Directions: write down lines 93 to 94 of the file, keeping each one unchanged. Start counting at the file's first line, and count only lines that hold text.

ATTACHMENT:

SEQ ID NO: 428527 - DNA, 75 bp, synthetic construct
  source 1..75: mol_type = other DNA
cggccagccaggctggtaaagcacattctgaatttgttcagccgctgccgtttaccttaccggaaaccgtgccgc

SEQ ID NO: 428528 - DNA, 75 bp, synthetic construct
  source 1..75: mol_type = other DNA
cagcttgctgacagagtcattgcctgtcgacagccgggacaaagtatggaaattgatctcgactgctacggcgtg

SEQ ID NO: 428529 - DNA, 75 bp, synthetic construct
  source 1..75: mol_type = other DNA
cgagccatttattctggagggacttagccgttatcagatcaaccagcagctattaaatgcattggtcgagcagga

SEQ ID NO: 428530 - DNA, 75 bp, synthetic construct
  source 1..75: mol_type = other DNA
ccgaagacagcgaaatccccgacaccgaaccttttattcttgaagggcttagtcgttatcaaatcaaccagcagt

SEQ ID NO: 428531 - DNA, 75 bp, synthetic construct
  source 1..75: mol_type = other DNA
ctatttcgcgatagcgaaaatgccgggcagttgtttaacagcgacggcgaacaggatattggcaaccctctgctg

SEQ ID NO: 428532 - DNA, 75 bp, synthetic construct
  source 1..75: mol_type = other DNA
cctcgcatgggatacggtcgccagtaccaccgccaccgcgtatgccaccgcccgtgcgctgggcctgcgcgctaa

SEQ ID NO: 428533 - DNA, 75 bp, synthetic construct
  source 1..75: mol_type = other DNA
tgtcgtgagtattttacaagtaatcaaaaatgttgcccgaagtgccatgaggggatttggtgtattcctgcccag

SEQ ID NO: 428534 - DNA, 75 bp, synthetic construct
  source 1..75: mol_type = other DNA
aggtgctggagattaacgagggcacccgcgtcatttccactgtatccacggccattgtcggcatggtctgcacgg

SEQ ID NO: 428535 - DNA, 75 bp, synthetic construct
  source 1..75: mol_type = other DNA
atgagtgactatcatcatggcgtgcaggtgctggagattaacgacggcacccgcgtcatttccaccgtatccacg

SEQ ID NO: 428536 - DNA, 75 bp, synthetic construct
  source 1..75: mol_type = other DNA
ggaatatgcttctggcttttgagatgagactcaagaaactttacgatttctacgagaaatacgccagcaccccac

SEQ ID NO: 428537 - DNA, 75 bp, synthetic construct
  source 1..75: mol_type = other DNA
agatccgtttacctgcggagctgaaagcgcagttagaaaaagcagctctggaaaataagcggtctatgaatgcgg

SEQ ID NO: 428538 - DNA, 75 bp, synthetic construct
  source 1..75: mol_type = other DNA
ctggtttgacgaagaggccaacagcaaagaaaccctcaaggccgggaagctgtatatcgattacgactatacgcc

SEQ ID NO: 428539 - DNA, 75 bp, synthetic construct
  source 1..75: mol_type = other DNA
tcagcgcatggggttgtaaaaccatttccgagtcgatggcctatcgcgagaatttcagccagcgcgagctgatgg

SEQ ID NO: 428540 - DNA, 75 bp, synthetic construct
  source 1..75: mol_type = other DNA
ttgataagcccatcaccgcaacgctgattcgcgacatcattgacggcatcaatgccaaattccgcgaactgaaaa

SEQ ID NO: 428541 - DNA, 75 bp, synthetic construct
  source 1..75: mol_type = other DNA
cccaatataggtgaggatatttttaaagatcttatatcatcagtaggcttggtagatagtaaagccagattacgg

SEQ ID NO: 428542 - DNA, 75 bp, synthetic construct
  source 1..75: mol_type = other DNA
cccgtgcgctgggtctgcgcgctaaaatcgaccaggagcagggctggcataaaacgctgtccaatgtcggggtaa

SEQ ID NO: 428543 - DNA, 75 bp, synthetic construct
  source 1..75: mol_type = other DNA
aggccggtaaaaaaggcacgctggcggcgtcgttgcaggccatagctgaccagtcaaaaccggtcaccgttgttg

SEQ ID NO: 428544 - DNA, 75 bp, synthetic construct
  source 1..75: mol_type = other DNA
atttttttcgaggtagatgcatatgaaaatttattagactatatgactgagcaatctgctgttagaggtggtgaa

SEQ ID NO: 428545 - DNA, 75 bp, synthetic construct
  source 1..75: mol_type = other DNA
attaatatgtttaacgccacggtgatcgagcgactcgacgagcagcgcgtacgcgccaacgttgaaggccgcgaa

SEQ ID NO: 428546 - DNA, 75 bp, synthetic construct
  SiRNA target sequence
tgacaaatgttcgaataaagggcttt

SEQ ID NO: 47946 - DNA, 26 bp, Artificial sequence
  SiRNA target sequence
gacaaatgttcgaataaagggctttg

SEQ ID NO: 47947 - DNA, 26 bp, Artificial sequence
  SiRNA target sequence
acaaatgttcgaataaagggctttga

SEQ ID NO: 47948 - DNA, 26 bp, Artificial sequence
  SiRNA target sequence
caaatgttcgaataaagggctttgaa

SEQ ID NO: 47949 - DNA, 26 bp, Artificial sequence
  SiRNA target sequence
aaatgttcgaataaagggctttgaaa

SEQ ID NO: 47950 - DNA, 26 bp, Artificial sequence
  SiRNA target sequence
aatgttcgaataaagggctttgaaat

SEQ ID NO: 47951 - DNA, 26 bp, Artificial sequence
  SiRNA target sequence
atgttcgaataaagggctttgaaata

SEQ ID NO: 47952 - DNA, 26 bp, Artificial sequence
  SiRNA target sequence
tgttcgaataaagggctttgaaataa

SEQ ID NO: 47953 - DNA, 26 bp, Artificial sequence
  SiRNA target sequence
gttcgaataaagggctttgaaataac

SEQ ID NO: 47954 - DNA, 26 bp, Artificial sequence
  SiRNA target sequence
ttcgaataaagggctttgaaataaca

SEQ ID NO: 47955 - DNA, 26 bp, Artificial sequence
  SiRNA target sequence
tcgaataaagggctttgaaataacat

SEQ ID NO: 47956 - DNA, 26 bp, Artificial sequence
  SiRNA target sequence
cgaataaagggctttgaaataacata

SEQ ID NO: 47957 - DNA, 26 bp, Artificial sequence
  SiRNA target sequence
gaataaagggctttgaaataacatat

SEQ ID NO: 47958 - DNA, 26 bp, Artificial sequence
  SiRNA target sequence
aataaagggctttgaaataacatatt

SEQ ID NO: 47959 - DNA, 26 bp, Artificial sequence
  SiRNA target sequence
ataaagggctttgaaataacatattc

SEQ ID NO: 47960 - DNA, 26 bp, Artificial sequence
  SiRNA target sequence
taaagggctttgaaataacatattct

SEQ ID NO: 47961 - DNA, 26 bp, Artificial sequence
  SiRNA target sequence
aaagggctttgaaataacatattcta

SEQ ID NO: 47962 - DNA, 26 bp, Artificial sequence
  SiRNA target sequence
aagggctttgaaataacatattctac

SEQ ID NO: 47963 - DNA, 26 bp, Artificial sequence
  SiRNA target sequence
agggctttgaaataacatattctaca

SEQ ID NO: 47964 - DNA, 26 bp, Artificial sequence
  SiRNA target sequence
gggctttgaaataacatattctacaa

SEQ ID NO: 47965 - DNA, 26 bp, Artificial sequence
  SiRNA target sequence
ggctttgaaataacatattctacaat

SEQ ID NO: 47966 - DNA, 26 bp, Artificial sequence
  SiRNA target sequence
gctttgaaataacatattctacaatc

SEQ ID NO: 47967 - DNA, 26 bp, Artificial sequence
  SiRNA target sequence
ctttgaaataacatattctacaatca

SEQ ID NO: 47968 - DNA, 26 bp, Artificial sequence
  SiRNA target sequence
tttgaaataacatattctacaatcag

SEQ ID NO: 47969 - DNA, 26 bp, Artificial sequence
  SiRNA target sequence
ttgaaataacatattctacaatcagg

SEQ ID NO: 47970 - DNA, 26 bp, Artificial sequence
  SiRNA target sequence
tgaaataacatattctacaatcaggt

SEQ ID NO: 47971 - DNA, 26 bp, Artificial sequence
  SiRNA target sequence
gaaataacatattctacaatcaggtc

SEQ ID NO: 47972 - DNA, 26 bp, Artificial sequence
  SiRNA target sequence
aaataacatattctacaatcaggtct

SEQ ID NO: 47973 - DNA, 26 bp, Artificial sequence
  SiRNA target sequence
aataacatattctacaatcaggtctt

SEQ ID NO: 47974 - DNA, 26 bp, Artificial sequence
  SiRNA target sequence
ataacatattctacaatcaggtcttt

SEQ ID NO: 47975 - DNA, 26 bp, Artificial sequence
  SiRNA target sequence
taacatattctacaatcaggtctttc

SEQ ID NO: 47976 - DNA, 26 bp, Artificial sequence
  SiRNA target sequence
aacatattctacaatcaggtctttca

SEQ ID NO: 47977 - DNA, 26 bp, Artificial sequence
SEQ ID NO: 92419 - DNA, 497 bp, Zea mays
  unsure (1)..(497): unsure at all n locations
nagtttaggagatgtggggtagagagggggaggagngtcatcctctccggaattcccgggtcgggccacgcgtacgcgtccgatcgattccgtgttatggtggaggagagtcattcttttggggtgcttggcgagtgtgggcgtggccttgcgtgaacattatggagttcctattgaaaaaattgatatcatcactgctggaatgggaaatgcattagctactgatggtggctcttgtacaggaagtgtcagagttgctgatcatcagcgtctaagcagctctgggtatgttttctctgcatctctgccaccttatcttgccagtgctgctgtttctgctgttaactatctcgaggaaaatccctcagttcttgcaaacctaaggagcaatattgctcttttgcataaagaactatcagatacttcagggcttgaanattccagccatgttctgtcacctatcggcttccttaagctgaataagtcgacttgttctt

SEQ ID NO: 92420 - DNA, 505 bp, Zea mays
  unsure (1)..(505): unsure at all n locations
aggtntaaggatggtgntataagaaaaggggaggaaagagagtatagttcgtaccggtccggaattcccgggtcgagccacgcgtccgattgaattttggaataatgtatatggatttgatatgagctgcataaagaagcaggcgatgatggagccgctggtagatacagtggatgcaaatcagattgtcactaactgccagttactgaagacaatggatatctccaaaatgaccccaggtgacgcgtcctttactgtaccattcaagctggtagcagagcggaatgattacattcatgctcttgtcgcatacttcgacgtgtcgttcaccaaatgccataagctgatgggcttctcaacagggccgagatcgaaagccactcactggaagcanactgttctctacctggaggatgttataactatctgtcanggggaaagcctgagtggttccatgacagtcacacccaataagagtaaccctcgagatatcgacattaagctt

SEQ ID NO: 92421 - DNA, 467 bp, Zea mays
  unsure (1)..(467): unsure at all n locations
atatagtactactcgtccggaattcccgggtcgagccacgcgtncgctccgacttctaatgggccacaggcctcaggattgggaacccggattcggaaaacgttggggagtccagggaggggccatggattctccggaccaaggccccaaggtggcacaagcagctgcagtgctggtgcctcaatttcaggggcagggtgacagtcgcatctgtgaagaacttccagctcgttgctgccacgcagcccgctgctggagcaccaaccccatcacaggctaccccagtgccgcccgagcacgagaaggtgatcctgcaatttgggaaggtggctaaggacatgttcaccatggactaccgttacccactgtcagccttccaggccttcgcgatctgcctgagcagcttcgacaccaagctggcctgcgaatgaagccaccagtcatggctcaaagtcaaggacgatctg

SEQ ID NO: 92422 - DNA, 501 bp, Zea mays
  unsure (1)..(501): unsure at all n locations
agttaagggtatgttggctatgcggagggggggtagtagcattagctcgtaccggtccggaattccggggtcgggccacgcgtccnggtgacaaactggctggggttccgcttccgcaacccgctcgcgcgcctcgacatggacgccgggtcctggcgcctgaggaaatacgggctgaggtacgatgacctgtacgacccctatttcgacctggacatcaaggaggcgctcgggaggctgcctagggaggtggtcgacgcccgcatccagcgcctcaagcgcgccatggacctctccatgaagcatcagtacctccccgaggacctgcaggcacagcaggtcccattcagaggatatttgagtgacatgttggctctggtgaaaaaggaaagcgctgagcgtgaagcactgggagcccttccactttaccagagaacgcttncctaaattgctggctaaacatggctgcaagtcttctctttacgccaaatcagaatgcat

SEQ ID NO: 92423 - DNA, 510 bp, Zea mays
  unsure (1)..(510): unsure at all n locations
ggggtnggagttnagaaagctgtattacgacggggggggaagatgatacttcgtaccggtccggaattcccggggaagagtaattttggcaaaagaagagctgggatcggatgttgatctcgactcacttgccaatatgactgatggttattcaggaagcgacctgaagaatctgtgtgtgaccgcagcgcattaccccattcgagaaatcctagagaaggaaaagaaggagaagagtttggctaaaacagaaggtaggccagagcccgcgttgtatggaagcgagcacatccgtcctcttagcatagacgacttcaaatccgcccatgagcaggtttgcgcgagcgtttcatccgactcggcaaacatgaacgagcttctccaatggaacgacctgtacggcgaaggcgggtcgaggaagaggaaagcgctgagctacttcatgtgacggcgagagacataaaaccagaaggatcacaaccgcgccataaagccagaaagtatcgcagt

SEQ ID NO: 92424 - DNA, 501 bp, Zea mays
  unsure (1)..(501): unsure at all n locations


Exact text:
cgaataaagggctttgaaataacata

SEQ ID NO: 47957 - DNA, 26 bp, Artificial sequence